107. Base on February 6, 2006 at 2:57 am

    Wilfried, you are absolutely right. The fundamental question is what the criteria should be. Some speech is absolutely vital to maintaining a free society. Most is irrelevant to that end and some in this category is deeply disturbing. The delicate balance has always been how to protect the former and minimize the latter. The problem is that there is no principled way to prohibit the latter while maintaining the inviolability of the former. Thus, the price we pay for protecting the core principle is that some in society will use it to cater to the baser human instincts.

    As to your question, I am unabashedly in favor of the American approach, which judges speech by its effects, not its content.

  108. annegb on February 6, 2006 at 11:05 am

    I agree with Danithew.

  109. Jason Steed on February 6, 2006 at 11:29 am

    Wow. I left for home on Friday afternoon and dropped out of the discussion, and now on Monday morning I find that its size has doubled!

    I have little more to add, because I feel out of the loop now, but I do want to point out one thing.

    Matthew (73), you raise the question of the ratio of Muslims to terrrorists, and suggest (hint? imply?) that most terrorists are Muslim. But I think we tend to overestimate this “ratio” these days, because the media and popular focus is on Muslim terrorism — and indeed, Bush’s war(s) is/are likewise focused. But this is, I believe, a manufactured attempt to construct a giant enemy akin to the Communism of the Cold War, or the Fascism of WWII, and it too readily overlooks the history of terrorism, which since the early 20th c. has been associated with the violent politically-motivated acts of small groups or individuals.

    To say that terrorism is mostly a Muslim ‘thing’ is to suddenly forget the IRA in Ireland; the Basque nationalists in Spain; the various and myriad guerrilla groups in South America (including the Contras, who we supported under Reagan, as they went about blowing up schools and hospitals); the state-sponsored terrorism of Israel and America (the only two nations in the world who opposed anti-terrorist resolutions in the UN, prior to 9/11, because we felt they were too restrictive on military actions); the race-based groups in South Africa and here in the U.S., and elsewhere (who at times used terrorist tactics in the pursuit of civil rights); the radical environmentalists who sabotage the logging industry; the radical pro-lifers who set up sniper stands outside abortion clinics; and the numerous individuals out to pursue purely individualized agendas (e.g. Timothy McVeigh).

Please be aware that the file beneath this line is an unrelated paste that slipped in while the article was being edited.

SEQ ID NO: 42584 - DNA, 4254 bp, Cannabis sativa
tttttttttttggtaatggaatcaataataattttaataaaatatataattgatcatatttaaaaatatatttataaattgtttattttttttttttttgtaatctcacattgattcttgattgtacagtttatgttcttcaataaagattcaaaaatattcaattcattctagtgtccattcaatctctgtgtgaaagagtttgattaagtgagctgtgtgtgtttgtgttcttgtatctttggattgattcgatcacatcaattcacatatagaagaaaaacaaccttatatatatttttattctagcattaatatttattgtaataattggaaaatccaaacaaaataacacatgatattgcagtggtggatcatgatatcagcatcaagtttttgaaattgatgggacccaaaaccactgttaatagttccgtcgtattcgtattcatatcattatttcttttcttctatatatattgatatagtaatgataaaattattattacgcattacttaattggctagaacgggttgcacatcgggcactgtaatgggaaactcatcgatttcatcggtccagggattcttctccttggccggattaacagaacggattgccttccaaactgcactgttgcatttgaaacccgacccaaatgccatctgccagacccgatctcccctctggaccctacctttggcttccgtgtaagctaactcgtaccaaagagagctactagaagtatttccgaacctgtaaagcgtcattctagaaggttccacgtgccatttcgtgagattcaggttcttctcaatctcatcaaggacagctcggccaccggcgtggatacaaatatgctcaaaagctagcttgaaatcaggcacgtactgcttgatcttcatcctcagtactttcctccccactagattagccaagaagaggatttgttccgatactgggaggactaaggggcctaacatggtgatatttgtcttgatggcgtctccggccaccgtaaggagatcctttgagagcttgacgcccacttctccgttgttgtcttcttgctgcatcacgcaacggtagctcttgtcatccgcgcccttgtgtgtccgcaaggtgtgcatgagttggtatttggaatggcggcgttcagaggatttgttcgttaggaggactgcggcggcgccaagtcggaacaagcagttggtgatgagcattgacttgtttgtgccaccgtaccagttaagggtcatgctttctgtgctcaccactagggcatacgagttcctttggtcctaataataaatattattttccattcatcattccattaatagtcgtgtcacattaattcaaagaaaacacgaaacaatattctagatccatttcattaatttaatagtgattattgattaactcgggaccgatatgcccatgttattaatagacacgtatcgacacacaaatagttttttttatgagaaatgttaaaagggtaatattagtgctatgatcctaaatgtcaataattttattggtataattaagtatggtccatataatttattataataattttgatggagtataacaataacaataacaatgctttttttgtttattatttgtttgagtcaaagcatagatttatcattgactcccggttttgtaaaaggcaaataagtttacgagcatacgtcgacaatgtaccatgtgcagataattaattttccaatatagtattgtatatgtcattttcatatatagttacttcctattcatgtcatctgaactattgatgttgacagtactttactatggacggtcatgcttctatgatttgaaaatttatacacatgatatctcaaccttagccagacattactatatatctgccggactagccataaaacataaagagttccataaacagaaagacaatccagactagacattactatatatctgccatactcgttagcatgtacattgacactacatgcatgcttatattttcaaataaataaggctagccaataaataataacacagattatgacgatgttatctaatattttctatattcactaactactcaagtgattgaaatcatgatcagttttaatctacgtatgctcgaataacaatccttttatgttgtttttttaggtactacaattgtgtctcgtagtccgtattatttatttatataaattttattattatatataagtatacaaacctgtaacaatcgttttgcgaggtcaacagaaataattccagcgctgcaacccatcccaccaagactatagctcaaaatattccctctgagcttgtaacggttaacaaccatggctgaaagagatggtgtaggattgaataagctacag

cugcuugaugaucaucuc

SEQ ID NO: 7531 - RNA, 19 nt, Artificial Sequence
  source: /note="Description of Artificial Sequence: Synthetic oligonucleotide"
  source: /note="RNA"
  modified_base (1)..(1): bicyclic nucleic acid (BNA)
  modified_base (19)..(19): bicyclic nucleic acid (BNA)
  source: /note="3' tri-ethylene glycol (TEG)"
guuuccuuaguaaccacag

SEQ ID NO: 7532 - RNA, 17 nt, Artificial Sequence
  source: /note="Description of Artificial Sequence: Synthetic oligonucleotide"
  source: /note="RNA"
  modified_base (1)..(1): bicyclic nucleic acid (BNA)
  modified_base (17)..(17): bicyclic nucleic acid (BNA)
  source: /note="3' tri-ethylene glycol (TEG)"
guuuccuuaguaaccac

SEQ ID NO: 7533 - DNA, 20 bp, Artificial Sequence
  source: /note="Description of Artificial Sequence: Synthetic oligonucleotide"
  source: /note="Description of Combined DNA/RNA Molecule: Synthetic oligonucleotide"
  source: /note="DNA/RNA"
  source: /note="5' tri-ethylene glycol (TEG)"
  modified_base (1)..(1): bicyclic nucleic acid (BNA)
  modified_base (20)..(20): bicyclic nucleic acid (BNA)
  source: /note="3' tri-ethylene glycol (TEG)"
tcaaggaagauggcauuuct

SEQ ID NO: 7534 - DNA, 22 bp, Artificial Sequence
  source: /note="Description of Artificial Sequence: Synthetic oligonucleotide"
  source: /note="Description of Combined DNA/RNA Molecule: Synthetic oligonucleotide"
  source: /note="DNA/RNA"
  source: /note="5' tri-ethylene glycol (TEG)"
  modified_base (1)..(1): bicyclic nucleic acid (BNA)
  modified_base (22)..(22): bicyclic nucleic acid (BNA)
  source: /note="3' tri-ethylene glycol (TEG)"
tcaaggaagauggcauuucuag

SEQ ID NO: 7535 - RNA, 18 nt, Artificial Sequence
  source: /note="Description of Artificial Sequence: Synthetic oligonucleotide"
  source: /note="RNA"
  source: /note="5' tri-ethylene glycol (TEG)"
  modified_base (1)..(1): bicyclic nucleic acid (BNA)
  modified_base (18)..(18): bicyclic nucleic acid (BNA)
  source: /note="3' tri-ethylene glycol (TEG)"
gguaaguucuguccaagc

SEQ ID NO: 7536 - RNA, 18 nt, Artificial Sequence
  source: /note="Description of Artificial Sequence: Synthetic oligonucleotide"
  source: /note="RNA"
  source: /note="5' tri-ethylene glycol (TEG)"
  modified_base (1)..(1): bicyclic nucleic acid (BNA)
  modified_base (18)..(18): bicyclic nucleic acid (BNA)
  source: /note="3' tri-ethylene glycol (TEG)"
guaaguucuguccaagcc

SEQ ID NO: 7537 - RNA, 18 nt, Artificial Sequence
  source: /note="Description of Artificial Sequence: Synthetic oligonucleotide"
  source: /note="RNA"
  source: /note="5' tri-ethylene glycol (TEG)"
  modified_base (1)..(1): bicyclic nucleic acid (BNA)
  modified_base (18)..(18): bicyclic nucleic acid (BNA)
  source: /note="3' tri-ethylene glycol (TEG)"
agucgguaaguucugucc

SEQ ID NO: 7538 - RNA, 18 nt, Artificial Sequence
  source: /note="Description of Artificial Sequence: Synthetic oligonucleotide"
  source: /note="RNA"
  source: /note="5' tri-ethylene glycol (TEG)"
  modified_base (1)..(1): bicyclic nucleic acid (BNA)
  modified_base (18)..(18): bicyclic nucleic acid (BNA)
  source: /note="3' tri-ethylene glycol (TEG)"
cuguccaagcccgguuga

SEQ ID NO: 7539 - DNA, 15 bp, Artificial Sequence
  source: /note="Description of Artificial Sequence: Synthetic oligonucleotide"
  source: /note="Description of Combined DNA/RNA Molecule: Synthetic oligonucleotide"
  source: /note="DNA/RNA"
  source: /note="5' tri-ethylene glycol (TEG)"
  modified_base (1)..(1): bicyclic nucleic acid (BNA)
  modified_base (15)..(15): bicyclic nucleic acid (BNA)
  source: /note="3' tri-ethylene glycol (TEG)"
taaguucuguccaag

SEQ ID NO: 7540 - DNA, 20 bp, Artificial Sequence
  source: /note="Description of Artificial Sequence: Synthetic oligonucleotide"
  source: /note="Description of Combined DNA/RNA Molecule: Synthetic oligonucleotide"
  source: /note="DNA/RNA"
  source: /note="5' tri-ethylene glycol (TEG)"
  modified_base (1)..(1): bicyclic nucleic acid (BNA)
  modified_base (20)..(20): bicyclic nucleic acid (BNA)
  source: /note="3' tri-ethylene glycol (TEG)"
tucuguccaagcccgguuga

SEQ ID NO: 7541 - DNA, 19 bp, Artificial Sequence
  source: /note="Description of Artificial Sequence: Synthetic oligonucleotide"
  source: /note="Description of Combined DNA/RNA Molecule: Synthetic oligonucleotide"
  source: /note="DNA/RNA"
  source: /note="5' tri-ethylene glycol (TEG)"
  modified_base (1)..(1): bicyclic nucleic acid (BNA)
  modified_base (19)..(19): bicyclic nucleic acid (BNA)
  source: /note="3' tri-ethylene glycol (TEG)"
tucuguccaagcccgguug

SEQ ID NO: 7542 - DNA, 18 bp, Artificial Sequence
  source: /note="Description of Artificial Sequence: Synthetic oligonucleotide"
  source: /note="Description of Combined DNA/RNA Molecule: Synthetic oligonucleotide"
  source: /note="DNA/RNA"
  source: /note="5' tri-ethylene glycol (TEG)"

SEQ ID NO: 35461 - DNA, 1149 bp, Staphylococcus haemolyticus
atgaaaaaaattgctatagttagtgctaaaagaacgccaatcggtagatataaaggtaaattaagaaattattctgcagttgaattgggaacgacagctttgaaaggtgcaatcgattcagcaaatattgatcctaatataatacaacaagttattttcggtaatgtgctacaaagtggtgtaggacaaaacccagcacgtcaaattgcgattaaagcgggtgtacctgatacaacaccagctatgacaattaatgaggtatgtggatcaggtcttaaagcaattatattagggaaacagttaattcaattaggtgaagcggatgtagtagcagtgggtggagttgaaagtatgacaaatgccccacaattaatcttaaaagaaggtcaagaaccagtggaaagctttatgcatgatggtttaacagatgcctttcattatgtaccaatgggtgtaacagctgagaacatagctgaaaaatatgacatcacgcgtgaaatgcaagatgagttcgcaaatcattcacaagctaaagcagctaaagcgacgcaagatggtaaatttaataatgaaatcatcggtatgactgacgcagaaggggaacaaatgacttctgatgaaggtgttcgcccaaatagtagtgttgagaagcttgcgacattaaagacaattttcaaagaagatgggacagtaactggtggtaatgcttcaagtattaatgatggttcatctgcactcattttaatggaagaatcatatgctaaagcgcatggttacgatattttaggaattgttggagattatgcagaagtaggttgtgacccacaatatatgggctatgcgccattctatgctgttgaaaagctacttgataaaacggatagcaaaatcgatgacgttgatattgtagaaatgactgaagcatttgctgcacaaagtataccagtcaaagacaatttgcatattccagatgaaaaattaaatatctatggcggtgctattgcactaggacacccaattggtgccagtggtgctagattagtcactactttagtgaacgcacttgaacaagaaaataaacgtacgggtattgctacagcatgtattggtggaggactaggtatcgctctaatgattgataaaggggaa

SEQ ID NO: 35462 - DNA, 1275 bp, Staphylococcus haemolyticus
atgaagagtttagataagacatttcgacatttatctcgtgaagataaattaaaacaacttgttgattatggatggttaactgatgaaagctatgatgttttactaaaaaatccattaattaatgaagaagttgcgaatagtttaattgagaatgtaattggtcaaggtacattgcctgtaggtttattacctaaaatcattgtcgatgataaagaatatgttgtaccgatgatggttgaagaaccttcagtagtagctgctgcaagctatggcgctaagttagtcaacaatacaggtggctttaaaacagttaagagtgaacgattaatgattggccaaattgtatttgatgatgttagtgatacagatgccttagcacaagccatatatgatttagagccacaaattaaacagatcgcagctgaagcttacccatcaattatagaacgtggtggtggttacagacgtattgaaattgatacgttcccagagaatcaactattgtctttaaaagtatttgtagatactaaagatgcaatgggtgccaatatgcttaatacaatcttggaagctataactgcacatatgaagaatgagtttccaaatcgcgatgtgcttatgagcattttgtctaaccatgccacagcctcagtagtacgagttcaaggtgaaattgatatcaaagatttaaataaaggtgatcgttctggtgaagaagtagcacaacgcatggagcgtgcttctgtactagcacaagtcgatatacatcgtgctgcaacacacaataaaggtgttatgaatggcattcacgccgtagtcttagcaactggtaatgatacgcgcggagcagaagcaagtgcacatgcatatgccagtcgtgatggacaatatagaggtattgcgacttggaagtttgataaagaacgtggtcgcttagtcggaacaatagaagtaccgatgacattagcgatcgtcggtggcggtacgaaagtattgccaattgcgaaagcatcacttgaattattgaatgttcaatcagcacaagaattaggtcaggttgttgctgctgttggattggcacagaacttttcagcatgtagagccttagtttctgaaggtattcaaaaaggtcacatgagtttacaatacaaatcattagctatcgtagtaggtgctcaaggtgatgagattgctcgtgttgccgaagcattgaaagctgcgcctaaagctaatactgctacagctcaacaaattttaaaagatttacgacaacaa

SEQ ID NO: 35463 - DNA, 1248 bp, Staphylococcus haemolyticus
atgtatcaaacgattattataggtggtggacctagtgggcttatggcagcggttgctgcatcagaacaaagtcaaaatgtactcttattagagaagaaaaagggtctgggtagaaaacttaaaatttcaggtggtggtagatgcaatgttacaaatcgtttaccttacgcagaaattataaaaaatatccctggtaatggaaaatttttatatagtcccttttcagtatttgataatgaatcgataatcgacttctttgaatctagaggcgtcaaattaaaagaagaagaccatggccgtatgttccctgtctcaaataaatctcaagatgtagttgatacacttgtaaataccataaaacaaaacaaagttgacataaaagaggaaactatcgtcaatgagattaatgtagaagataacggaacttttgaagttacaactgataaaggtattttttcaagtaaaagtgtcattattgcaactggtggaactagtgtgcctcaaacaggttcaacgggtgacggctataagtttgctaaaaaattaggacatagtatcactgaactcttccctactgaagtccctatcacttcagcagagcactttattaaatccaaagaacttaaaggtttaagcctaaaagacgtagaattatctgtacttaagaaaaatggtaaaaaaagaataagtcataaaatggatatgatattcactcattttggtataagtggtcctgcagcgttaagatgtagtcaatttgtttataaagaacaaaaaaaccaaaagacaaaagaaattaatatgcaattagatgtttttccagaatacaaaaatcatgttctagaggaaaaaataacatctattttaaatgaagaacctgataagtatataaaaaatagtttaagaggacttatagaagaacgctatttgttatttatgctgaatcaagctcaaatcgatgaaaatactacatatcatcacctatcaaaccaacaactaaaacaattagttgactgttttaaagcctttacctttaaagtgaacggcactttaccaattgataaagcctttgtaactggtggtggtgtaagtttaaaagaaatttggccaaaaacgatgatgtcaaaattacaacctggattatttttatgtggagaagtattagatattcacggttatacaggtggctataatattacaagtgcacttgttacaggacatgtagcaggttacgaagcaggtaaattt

Terrorism is a tactic, a strategy, a means — and it is in no way monopolized by Muslims. To suggest otherwise is to buy into the recent demonization of Islam. Terrorism is employed by individuals, groups, organizations, militaries, and even governments — and often it is masked as something else. We sometimes call terrorists “freedom fighters,” or “activists,” or “liberators” — but these are euphemisms, rhetorical flourishes.

    It is bad to equate Muslims with terrorists, but these days we think it’s okay to equate terrorists with Muslims — and that is equally bad. In fact, not all of the terrorists in the Middle East who espouse Islam as their religion are really “Muslim terrorists” — often, they are political nationalists who merely use Islam as a rallying cry in their pursuit of political goals. (Much like Bush has used overtly Christian rhetoric in his efforts at rallying the American people to a war between “good and evil” that is really more about American political and economic interests than about Christianity.)

    Anyway, nuff said for now.

  110. Wilfried on February 6, 2006 at 7:46 pm

    Base (106, 107) and Jason (109), I still need to thank you for those last contributions. They add important and insightful nuances because this topic can be so emotional that simplistic conclusions are tempting. Vital is the plea that we need to hear more from moderate Muslims to counter the image extremists are spreading. But probably many moderates are already terrorized themselves by fundamentalists among them and therefore fearful to speak out. Still, free speech is also for them the greatest gift that democracy can bestow if used wisely.